We have just dedicated our new Chapel Tent and had our first meeting at this new station & now I must tell you all about it —I think I wrote you it was determined to establish a new station for me & another Vermonter, Mr. J.W.H. Baker of Greensboro — We pitched our tents Monday — The Chapel is a large tent 50 feet by 18 — In the rear of it, with a narrow walk between is our tent 10 feet square — They are pitched between the 2d Vt. & the 6th Regular Cavalry — Both of these Regiments have been in the service since the war & in all the hardest battles & campaigns — The battle flag of the Cavalry fluttering before the headquarters is all in tatters — Neither of them has a Chaplain & it is on account of this our tent is pitched between them — We slept in our tent Monday night — but did not get the Chapel in order for a meeting until to-night & now we have no Seats — The tent was well filled & all seemed much interested in the services — When opportunity was given for remarks Byron Ward of Underhill — a member of John’s class — son of an old schoolmate of mine — immediately arose and made some very sensible remarks — I felt very grateful to him for this as you know how unpleasant unbroken silence is in a meeting — No other one spoke — The singing was with a will — ready — strong — earnest & all over the Chapel — Notwithstanding only one spoke & none offered prayer — we feel that we had a good meeting & that the indications are cheering — After this meeting several stopped & expressed their great joy that we had pitched our tent among them & we expect their hearty cooperation…

While we were gone a squad of boys—mainly from Waterbury & Underhill volunteered & with a team furnished by Dr. Swain, went three miles over Hazle River & cut & split for us twenty five slabs of white wood & black walnut to seat our Chapel — This was all we needed to complete our arrangements & enter fully upon our work & we felt very thankful when we saw what the noble boys had done — In the evening we had a very precious meeting — With the utmost readiness & heartiness ten soldiers spoke — mainly our noble Vermont boys — Some spoke of their wanderings & asked the forgiveness of their comrades — Others spoke of the preciousness of Jesus & the power of his religion to cheer & sustain the heart in all the perils & exposures of a soldiers life — the march — the watch — the battlefield — There were many moistened eyes & trembling lips — That meeting rewarded me a thousand fold for all that I have done or endured in coming to the army — I wish every brother & sister could have witnessed that meeting — How they would have thanked God & taken courage —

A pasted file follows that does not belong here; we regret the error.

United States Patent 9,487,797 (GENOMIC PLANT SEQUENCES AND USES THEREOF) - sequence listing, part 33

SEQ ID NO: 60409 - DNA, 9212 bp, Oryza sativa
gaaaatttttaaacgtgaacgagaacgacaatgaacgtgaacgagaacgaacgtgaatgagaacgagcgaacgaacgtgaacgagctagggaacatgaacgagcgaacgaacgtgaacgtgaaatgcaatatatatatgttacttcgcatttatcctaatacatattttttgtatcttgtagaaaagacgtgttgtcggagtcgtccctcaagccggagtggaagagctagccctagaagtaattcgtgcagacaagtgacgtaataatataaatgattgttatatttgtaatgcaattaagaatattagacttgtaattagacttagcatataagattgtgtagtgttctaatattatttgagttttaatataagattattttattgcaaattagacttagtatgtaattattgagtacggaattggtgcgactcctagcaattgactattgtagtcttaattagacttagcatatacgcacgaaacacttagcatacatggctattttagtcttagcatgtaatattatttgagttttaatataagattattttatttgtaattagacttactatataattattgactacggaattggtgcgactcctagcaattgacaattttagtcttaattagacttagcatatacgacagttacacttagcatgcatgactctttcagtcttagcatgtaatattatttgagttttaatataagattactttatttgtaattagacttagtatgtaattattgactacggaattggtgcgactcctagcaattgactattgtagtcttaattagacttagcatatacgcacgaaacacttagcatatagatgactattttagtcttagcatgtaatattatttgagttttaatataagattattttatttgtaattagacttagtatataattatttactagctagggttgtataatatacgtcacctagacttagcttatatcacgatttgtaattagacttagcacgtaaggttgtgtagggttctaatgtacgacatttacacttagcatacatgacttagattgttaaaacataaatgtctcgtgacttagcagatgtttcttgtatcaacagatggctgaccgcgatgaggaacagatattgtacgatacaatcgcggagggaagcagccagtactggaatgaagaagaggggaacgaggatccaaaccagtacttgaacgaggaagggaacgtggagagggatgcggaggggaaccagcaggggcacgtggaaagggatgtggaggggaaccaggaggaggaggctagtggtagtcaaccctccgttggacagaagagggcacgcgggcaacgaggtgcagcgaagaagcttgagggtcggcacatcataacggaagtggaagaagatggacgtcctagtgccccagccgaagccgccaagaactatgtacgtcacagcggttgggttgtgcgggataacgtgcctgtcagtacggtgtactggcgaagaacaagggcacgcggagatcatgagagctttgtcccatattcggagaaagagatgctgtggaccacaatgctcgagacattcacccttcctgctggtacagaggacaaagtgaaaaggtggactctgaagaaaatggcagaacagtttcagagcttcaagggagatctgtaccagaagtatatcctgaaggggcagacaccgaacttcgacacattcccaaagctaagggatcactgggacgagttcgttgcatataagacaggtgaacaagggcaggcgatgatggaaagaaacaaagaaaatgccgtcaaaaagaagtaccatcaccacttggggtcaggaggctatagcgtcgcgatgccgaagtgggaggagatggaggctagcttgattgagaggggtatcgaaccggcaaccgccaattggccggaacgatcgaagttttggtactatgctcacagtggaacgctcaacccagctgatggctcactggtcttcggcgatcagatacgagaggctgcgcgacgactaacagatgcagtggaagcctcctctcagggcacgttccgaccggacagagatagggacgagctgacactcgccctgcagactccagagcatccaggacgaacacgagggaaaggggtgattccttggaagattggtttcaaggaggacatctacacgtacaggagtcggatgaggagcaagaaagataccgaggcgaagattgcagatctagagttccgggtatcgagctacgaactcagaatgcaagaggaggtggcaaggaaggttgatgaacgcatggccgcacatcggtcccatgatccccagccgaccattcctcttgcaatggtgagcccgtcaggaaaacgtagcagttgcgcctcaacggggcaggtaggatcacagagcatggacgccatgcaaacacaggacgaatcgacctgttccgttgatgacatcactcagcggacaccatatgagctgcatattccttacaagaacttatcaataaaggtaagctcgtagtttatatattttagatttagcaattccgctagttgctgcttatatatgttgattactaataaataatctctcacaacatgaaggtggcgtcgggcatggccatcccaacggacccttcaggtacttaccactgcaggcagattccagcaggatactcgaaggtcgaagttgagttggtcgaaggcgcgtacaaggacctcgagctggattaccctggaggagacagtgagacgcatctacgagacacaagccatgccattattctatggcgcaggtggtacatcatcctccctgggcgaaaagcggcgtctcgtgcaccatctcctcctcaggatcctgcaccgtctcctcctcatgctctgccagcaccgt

After the meeting & through the night — which was cold & windy — there was an unusual hum [and] stir in both camps & we were apprehensive what the morrow should bring — The morning came and with it the intelligence that the 2d Vt. with the whole of the 6th Corps was under marching orders & might leave at any moment — Word to be ready for an early move was passed from tent to tent immediately after the meeting & the night had been spent in getting everything in order — And now the brave fellows are gone — They took with them six days rations & have gone to reconnoitre across the Rapidan — I felt inexpressibly sad when I saw them move out of Camp to join the other Vt. Regiments & the rest of the Corps — & afterwards when from near Brandy Station I saw the long black line of them with their glittering bayonets, some two miles away — as with ceaseless tread they made their march — I am told that supply train & all the line was eight miles long…

…At sun down I attended the burial service of two [of] our Vt. boys — one named Holden of Reading, Vt having died last night — the other — Lafayette Moore of Fayston having died today — both of Measles and Supervening Typhoid fever — To me it was a sad & novel experience, as to the mournful beat of the dead march we followed the two coffins to their graves — During the brief services at the grave the soldiers were solemn & attentive — but the moment they were away — all solemnity seemed to be gone—

Returning to my tent we heard one boom of a cannon across the Rapidan — What it imports time will develop — The evening we have had a very interesting meeting — some four or five new persons rising to speak — One of them said this was the first Sabbath he had passed in the army — It seemed like getting home once more — Hoping you have had a pleasant precious Sabbath day & all are having pleasant spacious social meetings, I bid you good night —


As the soldiers were leaving yesterday one brought me his Bible to keep for him — taking a Testament in return — Another handed me $50 to send to his motherless boy in Montreal. These little things make me very sad